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PLoS One. 2013;8(1):e55685. doi: 10.1371/journal.pone.0055685. Epub 2013 Jan 31.

Protection against oxidative stress in beta thalassemia/hemoglobin E erythrocytes by inhibitors of glutathione efflux transporters.

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1
Research Center of Transport Protein for Medical Innovation, Department of Physiology, Faculty of Science, Mahidol University, Bangkok, Thailand. chatchai.mua@mahidol.ac.th

Abstract

In beta thalassemia/hemoglobin E (Hb E), abnormally high levels of oxidative stress account for accelerated senescence and increased destruction of erythrocytes. The present study aimed to investigate the role of glutathione efflux transporters, namely cystic fibrosis transmembrane conductance regulator (CFTR) and multidrug resistance-associated protein 1 (MRP1), in the control of glutathione levels and protection against oxidative challenges in beta thalassemia/Hb E erythrocytes. We found that CFTR protein was expressed in the erythrocytes of beta thalassemia/Hb E patients. Treatments with GlyH-101 (50 µM), a small molecule CFTR inhibitor, and MK571 (50 µM), an MRP1 inhibitor, reduced H(2)O(2)-induced free radical generation in the erythrocytes by ∼80% and 50%, respectively. Furthermore, combined treatment with GlyH-101 and MK571 completely abolished the induction of reactive oxygen radicals. Increased oxidative stress in the erythrocytes following H(2)O(2) challenges was accompanied by a decrease in intracellular level of reduced glutathione (GSH), which was prevented by treatments with GlyH-101 and MK571. CMFDA-based assays revealed that GlyH-101 and MK571 reduced H(2)O(2)-induced glutathione efflux from the erythrocytes by 87% and 66%, respectively. Interestingly, H(2)O(2)-induced osmotic tolerance of erythrocytes, a sign of erythrocyte aging, was ameliorated by treatment with GlyH-101. Our study indicates that oxidative stress induces glutathione efflux via CFTR and MRP1 in beta thalassemia/Hb E erythrocytes. Pharmacological inhibition of glutathione efflux represents a potential therapy to delay aging and premature destruction of erythrocytes in beta thalassemia/Hb E.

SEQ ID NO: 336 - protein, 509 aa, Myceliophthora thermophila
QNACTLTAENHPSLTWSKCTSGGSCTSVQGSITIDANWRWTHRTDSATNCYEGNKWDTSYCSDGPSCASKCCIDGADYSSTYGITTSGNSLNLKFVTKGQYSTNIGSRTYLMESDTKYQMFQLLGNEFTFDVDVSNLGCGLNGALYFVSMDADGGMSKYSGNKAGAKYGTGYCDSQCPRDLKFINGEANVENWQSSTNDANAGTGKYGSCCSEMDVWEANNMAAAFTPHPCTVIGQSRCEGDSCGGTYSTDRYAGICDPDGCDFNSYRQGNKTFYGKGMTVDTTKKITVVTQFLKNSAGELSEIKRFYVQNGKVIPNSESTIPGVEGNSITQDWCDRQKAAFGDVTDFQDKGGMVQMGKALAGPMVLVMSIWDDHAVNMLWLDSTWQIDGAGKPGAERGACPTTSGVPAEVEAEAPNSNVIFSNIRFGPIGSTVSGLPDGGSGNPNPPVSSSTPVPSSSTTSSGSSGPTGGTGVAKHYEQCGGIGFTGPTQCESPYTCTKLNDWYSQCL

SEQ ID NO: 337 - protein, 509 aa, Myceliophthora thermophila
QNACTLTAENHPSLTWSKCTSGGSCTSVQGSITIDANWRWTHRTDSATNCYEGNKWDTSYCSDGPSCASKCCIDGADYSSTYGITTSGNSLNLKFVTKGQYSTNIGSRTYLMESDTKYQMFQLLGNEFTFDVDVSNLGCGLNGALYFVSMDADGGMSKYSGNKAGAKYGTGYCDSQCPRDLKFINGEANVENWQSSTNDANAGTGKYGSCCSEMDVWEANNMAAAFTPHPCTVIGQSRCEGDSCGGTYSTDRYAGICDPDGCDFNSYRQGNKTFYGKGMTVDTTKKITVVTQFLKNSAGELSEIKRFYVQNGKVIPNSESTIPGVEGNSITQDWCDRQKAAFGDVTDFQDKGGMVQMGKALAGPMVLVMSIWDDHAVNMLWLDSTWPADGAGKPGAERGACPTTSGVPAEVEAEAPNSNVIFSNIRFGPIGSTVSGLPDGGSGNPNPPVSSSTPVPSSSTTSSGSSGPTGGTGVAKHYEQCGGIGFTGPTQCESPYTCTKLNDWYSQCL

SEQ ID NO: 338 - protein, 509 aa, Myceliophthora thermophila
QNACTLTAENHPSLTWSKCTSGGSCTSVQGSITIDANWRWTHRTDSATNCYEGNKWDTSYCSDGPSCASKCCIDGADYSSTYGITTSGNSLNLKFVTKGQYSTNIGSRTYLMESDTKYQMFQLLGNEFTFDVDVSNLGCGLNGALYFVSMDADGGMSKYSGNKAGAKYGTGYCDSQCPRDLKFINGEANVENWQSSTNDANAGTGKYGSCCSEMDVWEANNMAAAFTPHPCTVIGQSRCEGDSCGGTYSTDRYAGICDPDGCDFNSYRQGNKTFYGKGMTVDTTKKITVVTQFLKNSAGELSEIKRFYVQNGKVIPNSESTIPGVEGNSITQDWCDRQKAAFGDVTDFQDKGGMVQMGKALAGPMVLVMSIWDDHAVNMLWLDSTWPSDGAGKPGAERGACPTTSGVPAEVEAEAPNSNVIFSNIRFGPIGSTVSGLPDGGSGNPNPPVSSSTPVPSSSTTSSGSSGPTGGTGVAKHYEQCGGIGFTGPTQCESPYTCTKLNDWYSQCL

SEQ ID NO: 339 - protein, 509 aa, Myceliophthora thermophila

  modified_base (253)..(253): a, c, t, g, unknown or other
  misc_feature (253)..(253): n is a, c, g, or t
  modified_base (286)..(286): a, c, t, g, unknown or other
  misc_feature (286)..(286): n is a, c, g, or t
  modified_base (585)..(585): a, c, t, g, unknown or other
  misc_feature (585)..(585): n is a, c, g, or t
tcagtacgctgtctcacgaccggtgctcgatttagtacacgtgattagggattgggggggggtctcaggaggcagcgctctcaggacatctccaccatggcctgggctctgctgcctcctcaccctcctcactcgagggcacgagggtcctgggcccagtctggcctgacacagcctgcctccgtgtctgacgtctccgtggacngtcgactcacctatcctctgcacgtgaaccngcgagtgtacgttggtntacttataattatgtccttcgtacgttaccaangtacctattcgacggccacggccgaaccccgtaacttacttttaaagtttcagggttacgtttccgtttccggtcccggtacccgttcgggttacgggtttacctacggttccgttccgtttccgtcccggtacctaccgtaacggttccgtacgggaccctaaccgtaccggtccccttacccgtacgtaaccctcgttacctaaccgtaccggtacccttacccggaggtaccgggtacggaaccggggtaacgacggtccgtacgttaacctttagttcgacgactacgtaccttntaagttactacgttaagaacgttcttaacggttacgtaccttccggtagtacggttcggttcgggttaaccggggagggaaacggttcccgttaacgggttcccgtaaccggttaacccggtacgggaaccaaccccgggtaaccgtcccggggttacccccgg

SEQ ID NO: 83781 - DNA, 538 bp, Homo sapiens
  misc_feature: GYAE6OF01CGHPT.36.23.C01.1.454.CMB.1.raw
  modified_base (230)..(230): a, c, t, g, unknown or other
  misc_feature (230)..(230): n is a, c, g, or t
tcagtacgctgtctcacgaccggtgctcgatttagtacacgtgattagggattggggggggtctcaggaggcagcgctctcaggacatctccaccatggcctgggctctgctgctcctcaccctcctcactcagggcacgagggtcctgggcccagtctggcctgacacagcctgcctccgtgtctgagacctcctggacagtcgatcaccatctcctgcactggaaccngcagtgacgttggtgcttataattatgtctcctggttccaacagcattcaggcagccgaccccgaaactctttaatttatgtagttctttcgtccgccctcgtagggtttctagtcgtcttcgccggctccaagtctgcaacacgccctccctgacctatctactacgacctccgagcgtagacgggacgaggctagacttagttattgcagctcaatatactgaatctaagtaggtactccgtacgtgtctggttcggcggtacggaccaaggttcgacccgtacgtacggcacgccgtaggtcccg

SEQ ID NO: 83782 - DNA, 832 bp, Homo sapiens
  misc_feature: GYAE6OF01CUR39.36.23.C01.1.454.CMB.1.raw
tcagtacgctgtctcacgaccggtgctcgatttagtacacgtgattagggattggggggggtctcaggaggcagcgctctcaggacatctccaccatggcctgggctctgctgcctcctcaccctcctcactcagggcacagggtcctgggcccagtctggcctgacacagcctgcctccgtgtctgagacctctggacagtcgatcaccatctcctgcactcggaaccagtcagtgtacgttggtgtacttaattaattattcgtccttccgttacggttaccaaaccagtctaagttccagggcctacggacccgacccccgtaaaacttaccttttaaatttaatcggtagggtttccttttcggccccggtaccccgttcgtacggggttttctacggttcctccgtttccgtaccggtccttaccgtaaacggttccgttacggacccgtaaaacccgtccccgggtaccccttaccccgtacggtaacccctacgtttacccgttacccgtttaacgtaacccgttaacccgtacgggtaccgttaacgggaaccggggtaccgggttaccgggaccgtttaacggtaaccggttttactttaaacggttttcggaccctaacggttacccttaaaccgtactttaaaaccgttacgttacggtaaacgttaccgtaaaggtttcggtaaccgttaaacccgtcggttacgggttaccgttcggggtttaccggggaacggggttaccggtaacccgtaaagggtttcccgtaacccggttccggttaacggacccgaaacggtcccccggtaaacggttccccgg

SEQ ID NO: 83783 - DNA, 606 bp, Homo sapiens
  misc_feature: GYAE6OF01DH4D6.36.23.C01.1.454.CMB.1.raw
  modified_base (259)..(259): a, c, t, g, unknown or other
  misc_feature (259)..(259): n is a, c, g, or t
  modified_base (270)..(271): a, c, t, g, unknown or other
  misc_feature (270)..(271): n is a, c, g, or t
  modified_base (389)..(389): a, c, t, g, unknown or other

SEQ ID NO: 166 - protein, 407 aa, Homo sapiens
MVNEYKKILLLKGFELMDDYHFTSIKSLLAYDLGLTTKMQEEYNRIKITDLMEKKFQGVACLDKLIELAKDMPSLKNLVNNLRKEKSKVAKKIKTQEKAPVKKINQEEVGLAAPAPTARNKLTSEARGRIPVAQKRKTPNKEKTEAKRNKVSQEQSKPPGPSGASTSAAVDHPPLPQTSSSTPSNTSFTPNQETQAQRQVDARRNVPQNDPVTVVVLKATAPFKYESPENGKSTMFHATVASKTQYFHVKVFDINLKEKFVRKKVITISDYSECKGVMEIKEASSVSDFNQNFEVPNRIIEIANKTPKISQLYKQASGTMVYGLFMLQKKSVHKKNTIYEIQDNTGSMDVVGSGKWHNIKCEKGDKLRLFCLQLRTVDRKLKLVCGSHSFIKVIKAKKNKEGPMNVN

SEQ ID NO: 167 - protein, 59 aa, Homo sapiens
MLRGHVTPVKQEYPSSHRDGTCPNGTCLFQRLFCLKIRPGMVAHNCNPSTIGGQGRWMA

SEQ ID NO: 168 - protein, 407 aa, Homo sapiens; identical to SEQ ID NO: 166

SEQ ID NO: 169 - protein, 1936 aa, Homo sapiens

PMID:
23383265
PMCID:
PMC3561311
DOI:
10.1371/journal.pone.0055685
[Indexed for MEDLINE]
Free PMC Article
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